Wednesday, 15 January 2014

[REVIEW] The Vicious Deep by Zoraida Cordova

The Vicious Deep by Zoraida Cordova
Published: May 2012
Age Group: YA
Series: The Vicious Deep #1
I found this book a while ago and added it to my TBR list on GR only for it to be buried underneath all the adds I do daily.  So lately, I've been in a reading slump and not really enjoying any book long enough to read the entire thing so I figured I'd dig up one of my old YA-TBR and give it a shot. That's how I re-found The Vicious Deep and I'm glad I did. It's definitely cured my reading slump since I finished reading it with a gusto.

The Vicious Deep follows the story of Tristan and his discovery that he's actually a prince of the merfolk. Then he's told that he has to participate in a championship for the throne and the story starts. The story takes the tale of the God Poseidon and gives a future to the myths and legends where a kingdom is born from the once divine God of the seas. It's a tale of someone finding out what they're destined to become and how far they're willing to go to fulfill their destiny.

Tristan is probably the typical hot guy that flirts with girls and breaks their hearts without any consciousness. He's a typical stock character. Although it is evident that as the story progresses he starts to change. He becomes more caring, compassionate and in a way displaying the characteristics needed in a good ruler.

The main female protagonist is Layla. Tristan's best friend, which if you've read enough romance novels or New Adult novels it is evident that Layla and Tristan are meant to develop some romantic attraction. At first I didn't mind Layla. She was a strong woman who held her own on a swim team full of boys. She also didn't put up with all of Tristan's s**t and isn't afraid to speak her mind and tell him that he's an idiot. Then she figures out his secret and it all goes down hill from there. The woman who isn't afraid of speaking her mind turns from being strong-willed to annoying and stubborn in my eyes. The girl who stands up for herself turns from being brave and courageous to being reckless and foolish. I found myself disliking Layla more and more as the story progressed. I can't relate to her and her personality is absolutely horrible in my opinion. Tristan can do much better.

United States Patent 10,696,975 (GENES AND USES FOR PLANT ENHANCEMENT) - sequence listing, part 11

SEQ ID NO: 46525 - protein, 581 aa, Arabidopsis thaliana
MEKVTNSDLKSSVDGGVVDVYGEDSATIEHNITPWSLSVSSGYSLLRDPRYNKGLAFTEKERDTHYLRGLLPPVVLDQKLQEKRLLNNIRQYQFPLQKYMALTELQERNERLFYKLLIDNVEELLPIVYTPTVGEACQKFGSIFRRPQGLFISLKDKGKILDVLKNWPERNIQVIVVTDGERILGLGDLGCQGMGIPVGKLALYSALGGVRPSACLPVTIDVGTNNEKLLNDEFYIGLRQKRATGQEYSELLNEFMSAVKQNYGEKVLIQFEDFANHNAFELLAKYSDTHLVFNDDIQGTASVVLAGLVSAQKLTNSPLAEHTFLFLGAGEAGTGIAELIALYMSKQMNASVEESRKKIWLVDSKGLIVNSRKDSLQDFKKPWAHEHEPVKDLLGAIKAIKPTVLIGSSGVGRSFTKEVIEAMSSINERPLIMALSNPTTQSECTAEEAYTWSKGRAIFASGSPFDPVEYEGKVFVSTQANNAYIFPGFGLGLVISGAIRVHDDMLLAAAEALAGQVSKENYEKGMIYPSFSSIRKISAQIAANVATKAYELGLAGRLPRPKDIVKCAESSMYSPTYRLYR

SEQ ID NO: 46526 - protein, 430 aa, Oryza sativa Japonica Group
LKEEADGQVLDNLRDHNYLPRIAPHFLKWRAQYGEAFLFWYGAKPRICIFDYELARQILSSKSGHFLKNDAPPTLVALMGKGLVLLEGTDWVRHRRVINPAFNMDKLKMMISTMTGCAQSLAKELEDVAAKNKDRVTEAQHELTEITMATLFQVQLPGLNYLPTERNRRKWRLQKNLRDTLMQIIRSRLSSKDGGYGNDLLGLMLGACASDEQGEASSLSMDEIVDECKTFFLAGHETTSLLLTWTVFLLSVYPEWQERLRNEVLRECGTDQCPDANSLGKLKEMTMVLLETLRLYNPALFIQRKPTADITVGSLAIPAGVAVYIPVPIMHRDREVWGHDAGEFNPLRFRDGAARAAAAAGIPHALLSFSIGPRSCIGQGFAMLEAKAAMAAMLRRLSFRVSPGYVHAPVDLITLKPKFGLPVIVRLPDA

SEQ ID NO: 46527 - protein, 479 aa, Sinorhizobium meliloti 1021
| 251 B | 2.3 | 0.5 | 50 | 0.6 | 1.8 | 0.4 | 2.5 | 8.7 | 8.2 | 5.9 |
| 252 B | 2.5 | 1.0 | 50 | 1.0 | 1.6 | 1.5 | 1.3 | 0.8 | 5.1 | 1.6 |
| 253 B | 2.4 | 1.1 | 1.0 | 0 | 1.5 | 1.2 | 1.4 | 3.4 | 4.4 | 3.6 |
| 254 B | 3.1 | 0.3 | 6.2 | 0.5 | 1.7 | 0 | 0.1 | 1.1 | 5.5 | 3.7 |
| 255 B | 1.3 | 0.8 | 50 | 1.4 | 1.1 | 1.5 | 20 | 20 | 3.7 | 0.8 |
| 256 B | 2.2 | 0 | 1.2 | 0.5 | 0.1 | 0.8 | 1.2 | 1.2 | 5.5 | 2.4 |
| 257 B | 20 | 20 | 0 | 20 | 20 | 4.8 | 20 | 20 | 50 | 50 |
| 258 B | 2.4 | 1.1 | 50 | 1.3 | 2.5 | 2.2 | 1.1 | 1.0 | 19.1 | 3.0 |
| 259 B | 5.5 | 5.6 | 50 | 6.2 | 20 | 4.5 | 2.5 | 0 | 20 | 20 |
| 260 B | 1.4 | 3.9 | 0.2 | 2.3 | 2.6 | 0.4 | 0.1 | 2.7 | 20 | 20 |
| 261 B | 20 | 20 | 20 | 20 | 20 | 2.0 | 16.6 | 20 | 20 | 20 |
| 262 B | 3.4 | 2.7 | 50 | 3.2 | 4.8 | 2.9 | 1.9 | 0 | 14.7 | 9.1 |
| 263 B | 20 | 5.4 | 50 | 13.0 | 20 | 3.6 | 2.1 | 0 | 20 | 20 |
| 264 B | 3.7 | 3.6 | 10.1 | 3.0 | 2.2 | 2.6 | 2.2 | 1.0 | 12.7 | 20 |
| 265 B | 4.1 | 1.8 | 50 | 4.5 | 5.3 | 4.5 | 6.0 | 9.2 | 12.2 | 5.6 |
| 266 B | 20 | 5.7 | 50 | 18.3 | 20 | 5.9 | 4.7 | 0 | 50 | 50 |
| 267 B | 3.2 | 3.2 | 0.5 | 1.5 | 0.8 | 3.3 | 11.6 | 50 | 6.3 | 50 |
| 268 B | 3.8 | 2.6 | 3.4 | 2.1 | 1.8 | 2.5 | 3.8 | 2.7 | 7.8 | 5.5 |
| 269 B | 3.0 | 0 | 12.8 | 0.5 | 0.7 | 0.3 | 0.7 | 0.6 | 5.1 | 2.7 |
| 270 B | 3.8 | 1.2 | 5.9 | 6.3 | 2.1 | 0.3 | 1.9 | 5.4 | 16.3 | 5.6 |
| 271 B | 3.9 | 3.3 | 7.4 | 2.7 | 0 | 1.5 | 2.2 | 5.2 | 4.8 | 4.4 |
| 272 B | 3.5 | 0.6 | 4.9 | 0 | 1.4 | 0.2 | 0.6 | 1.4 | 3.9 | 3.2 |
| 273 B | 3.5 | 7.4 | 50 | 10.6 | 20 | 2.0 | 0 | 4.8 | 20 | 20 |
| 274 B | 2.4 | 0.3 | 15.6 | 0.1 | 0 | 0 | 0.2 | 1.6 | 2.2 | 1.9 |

The story is an intriguing one, and sort of a jump for me. I decided, many many years ago, that I wouldn't read any stories about mermaids, sirens and water creatures like that due to a bad experience I had with a book that had these supernatural creatures as the main attraction. In hindsight, I probably should have known that this book was about merpeople from the blurb, but I didn't. My fault. But luckily, because of my mistake, I found this lovely book. The mermaids and mermen in this book aren't that bad.  They're just like regular humans...with fins and gills. The author does a really good job describing them in clear detail down to the sparkle of the scales and the movements of the gills in water and out that it's very clear to visualize what these creatures would look like even though these are mythical creatures. I always enjoy being able to visualize the characters and the story because I think it adds so much more dimension to the tale when you are able to follow along in your head and see the action unfold while you're reading it. I also enjoy the use of other sea creatures, whether they be real or fiction. Like I said, I haven't read a story with these paranormal creatures in a long time so this is a welcome change for me. Perhaps that's why I got hooked on to this story so fast. That and the good plot and charismatic characters.

The ending is a cliff hanger. In fact the main plot encompasses the entire series. I believe there are sub plots in each book, or main events that the characters deal with, but it is very evident that the story continues in the next installment and that there is a build up towards the end.

Overall an excellent YA novel. Although following the standard storyline of a YA book, the characters and detailed description is enough to overlook the clich├ęs.


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